or on the Sunday between January 2nd and January 8th. It traditionally closes the Christmas season. The word Ephiphany comes from the Greek epiphanein, meaning a "showing, appearance or revelation." Early Christians who spoke Greek used the word to describe Jesus himself, who was revealed to be the living God. A feast on January 6th celebrated the revelation of His baptism by John the Baptist in the Jordan and of His first miracle at the behest of His Mother at a wedding at Cana, turning water into wine. Later the gospel story of the Magi was incorporated, as Christ's ephiphany to the Gentiles.
There are a number of traditions at Epiphany that can enliven your celebration of Christmastide.
No one really knows how many wise men came to see the Christ Child. More than one, for the gospel of Matthew mentions "men." Writers in the Middle Ages interpreted three, based upon the gifts of frankincense, myrrh and gold, and gave them names: Caspar, Balthazar, and Melchior. Everyone agrees, the wise men were not really kings but were astrologers, most likely dream interpreters for the royal family of Persia. Regardless, they were Gentiles--not Jews--and were the first of their kind known to worship the Son of God. As an Epiphany gift for his brother's young children, in 1857 John Henry Hopkins, Jr., wrote one of the most beloved (and gleefully parodied) of Christmas carols, WE THREE KINGS OF ORIENT ARE.
There are a number of lovely customs at Epiphany. In many churches and families, that is when the three wise men are added to the Nativity scene, completing it. In some instances, the figures have been inched closer to the crib since Christmas. Because the wise men came from the Orient, food served on the 6th of January may be hot with curry, and there might be a spice cake! Small gifts may be exchanged, recalling the gifts given the Christ Child.
The tradition of Blessing the Home with holy water and incense has persisted since the Middle Ages. A priest or the head of household (or youngest child, as pictured here) marks the lintel of the door with blessed chalk, using an inscription that joins the letters CMB, for Caspar, Melchior and Balthazar--or for "Christus mansionem benedicat" (Latin for "May Christ Bless This House")--with a code for the current year connected with crosses: 20+C+M+B+20. The inscription remains above the doorway until Pentecost, the seventh Sunday after Easter.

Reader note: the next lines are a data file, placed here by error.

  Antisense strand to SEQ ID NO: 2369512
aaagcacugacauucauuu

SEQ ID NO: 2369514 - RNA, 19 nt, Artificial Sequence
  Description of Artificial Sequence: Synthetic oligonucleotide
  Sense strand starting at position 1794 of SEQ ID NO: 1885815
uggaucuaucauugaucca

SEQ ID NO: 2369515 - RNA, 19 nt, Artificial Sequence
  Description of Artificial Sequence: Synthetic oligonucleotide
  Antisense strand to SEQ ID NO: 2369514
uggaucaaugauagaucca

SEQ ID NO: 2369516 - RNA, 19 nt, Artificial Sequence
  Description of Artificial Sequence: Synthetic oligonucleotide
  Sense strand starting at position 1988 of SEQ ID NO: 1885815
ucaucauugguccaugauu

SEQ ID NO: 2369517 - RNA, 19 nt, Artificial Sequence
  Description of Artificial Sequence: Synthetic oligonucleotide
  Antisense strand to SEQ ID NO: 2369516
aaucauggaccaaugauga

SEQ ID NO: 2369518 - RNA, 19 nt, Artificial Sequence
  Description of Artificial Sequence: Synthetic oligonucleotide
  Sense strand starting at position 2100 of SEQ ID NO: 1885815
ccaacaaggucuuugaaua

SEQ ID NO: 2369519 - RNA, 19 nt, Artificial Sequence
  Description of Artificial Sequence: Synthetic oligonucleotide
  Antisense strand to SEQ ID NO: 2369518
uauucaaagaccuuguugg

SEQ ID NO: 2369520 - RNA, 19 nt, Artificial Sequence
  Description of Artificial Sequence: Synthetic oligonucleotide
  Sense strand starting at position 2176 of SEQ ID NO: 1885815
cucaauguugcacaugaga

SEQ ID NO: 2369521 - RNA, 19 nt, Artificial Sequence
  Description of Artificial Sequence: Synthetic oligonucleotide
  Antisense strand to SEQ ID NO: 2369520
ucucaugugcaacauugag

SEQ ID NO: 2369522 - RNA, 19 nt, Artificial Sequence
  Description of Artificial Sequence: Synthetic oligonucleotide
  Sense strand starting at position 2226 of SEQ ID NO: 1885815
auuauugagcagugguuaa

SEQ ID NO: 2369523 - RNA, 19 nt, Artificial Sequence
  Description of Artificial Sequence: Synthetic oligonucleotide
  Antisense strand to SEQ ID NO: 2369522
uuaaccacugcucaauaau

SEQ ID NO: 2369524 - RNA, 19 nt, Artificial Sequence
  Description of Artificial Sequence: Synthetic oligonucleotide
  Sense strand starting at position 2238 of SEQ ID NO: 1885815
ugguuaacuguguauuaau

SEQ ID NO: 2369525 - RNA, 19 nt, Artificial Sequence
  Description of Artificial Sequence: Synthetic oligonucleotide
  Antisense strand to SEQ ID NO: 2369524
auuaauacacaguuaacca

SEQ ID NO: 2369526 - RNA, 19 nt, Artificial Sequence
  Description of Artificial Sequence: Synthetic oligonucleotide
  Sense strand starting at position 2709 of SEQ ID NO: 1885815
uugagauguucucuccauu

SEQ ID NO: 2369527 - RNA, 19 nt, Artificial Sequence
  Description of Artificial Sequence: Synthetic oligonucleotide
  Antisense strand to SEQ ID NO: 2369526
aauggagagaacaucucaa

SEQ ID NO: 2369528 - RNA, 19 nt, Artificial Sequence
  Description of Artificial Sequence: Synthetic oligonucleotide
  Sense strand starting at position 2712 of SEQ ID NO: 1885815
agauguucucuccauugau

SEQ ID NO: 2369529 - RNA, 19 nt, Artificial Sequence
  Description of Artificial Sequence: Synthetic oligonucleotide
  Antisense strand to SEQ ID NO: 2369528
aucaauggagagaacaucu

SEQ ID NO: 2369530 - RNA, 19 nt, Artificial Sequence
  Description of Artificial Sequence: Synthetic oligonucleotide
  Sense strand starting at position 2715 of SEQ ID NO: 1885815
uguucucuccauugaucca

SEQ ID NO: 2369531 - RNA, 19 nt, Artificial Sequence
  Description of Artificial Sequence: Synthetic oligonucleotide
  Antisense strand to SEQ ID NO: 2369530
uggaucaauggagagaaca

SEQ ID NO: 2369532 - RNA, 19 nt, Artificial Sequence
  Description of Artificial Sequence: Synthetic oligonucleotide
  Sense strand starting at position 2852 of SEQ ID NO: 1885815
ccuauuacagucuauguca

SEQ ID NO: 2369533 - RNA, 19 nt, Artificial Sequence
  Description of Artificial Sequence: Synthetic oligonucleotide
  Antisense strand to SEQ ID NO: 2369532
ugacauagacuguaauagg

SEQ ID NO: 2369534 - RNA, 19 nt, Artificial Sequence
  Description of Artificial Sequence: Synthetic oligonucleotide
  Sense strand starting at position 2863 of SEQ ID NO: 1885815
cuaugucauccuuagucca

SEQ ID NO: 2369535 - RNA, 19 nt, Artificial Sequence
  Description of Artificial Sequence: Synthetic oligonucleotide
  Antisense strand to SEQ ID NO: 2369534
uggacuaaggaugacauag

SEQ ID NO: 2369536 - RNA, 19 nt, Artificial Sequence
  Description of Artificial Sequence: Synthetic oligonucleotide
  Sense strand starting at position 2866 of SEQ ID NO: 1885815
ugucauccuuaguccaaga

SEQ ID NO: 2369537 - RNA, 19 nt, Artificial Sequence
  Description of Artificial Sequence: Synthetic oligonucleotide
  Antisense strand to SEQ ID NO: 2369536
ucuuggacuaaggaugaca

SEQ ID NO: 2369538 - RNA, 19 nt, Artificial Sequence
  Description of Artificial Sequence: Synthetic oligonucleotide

Particularly in England, Epiphany is called Twelfth Night and is celebrated with a drink called Lamb's Wool, made of ale or cider, with roasted apples, sugar and spices. The drink gets its name from the woolly appearance of the roasted apples floating in the bowl. It was also customary to bless apple trees on that night by pouring cider on them.
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Epiphany Cake, or King's Cake, is a time-honored custom in many cultures. The recipe for Epiphany Cake varies throughout Europe, from the French galette de Rois, an almond paste-filled pastry topped with a golden paper crown, to the English fruit-filled cake, layered and iced. A true Epiphany cake should contain a trinket such as a coin, or a bean; the person who finds the trinket becomes king of the feast. Sometimes there is a bean and a pea, for a king and a queen.
Glorious now, behold Him arise!
King and God and sacrifice!
Sounds through the earth and skies!
---from "We Three Kings of Orient Are"